Medusa’s narrative culminates with her encounter with the hero Perseus. Armed with a mirrored shield given to him by Athena, Perseus navigated the dangers of Medusa’s lair without directly looking at her. With a swift blow, he decapitated the Gorgon, using her severed head as a weapon on his subsequent adventures. Medusa’s head retained its petrifying power even after her death, symbolizing the persistent and inescapable nature of certain threats and traumas.

Attribute Description
Name Medusa
Species Gorgon
Powers Petrifying gaze, venomous snake hair
Role Antagonist in Perseus’s tale
Symbolism Rage, victimhood, defilement

The Minotaur: The Beast in the Labyrinth

The Minotaur, a creature with the body of a man and the head of a bull, is another iconic figure in Greek mythology. Born of a union between Queen Pasiphae of Crete and a majestic bull, the Minotaur symbolizes a grotesque result of human hubris and divine retribution. The Minotaur resided in an intricate labyrinth created by the master craftsman Daedalus under the orders of King Minos.

Every nine years, Athenians were compelled to send seven young men and seven young women to Crete as tributes to be sacrificed to the Minotaur. This gruesome practice continued until the hero Theseus volunteered to confront the beast. With the help of Ariadne, King Minos’s daughter, Theseus navigated the labyrinth using a ball of thread to retrace his steps. He successfully killed the Minotaur and freed Athens from the dark tribute, symbolizing the triumph of human ingenuity and courage over barbarism and oppression.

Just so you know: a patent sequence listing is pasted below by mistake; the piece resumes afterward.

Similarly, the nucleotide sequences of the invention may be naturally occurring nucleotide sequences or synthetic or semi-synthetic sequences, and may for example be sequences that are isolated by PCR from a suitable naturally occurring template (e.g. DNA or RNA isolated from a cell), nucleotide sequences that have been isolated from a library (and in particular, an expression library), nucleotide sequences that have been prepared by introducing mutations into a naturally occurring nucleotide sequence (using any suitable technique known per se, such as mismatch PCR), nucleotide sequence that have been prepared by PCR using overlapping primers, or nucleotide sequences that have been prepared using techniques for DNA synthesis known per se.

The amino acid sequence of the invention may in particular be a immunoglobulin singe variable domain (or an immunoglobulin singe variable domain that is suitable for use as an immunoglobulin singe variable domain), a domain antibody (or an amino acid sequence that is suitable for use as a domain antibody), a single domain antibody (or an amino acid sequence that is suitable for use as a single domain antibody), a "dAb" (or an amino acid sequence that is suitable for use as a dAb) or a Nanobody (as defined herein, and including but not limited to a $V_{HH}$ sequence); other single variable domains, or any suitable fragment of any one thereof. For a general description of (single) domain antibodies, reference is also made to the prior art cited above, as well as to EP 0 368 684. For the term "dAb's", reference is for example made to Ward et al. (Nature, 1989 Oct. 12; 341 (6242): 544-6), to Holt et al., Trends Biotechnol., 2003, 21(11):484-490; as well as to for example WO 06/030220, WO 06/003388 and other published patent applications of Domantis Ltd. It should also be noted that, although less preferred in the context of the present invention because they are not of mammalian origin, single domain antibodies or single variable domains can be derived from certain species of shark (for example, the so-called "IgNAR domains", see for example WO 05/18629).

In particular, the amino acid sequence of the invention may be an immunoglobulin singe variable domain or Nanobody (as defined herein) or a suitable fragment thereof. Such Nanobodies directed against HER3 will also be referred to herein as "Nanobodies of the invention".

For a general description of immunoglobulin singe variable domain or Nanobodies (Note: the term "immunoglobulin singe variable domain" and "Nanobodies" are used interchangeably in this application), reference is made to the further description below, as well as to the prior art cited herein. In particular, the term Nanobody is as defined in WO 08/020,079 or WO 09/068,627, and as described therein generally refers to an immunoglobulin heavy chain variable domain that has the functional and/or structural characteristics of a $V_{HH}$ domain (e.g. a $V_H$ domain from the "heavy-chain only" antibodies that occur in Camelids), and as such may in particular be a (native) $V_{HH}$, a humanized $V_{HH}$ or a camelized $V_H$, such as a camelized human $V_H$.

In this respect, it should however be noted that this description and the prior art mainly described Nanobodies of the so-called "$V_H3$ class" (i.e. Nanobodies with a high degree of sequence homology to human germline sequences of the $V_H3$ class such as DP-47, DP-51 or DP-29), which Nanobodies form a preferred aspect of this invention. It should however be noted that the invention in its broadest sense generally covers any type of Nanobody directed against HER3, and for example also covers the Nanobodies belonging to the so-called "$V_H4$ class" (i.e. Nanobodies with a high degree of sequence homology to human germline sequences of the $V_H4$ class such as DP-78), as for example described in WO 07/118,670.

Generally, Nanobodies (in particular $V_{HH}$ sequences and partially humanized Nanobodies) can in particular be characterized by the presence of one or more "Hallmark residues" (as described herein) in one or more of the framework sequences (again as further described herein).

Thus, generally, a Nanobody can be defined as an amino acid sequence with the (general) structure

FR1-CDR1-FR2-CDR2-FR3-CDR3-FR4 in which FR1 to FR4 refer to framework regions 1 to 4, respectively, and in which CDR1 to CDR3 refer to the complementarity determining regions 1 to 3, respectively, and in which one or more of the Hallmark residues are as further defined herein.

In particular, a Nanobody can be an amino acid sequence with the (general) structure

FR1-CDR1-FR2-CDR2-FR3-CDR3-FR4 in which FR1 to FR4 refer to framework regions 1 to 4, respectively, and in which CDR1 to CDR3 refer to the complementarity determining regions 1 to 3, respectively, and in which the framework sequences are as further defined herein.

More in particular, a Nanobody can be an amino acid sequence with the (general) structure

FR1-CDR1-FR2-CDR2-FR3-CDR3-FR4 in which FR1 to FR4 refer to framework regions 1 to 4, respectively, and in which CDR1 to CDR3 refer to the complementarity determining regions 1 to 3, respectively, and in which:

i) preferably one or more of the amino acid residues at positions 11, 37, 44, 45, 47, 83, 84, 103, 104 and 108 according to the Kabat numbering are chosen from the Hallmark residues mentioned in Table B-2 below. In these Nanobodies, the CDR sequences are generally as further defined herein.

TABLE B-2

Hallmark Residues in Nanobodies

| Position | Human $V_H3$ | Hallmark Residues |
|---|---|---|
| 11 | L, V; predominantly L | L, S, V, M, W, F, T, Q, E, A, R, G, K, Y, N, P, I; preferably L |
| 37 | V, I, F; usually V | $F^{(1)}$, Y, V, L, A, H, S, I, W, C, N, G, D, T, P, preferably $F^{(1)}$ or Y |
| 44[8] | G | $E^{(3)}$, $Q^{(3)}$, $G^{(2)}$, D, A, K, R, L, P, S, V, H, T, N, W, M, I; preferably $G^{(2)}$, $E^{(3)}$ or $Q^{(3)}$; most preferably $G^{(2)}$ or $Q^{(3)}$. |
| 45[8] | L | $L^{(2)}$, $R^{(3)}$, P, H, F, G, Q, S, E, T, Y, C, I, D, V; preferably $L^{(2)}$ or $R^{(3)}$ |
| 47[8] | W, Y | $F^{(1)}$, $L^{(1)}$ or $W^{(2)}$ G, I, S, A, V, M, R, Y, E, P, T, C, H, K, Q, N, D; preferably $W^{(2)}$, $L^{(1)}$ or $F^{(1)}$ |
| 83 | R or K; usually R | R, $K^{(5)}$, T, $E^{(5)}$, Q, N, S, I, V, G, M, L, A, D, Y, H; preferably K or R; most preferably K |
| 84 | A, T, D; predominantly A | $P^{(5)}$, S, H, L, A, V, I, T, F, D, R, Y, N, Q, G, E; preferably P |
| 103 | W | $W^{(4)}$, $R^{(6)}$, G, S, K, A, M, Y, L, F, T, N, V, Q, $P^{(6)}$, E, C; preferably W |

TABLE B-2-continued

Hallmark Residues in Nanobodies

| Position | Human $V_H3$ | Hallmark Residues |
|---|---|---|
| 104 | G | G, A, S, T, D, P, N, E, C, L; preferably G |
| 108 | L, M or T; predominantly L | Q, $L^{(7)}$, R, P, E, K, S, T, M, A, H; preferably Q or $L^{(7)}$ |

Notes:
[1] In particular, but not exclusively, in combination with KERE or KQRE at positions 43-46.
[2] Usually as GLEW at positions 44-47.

The Minotaur’s story is layered with themes of power, sacrifice, and redemption. The labyrinth itself is a powerful metaphor for the complex, challenging paths one must navigate to overcome internal and external adversities. The Minotaur, entrapped within this maze, symbolizes the darkest parts of the human psyche that one must confront and conquer.

Cyclops: The One-Eyed Giants

Cyclops, the one-eyed giants of Greek mythology, are best known from their appearances in Homer’s “Odyssey” and Hesiod’s “Theogony.” These formidable creatures had immense strength and were skilled blacksmiths, forging Zeus’s thunderbolts, Poseidon’s trident, and Hades’ helmet. The most famous Cyclops, Polyphemus, is encountered by Odysseus during his long journey home from the Trojan War.

Polyphemus epitomizes the brute force and savagery often associated with Cyclopean giants. When Odysseus and his men seek refuge in Polyphemus’s cave, they soon find themselves trapped and at the mercy of the cannibalistic giant. Using his wit, Odysseus blinds the Cyclops by driving a heated stake through his single eye and escapes by hiding under the bellies of Polyphemus’s sheep.

Cyclops in Greek mythology represent a lack of civilization—they are self-reliant, isolated from society, and follow their primal instincts. Odysseus’s encounter with Polyphemus underscores the tension between civilization and barbarism, intellect and brute force. Despite their monstrous nature, the Cyclops also serve as a testament to the heroes’ cunning and resourcefulness in overcoming seemingly insurmountable odds.

Sirens: The Enchantresses of the Seas

Sirens are enchanting creatures known for their mesmerizing voices that lured sailors to their doom. These half-bird, half-woman hybrids lived on rocky islands, singing beautiful and intoxicating songs. From afar, their melodies promised pleasure and divine revelations, but those who heeded their call met their demise on the jagged shores.

The most famous tale involving Sirens is again found in Homer’s “Odyssey.” As Odysseus’s ship approaches the Sirens’ island, he instructs his men to fill their ears with beeswax and orders them to tie him to the mast. Odysseus wishes to hear the Sirens’ song while avoiding the doom that befalls less cautious sailors. This encounter exemplifies the struggle between reason and temptation, showcasing the hero’s wisdom in preventing disaster.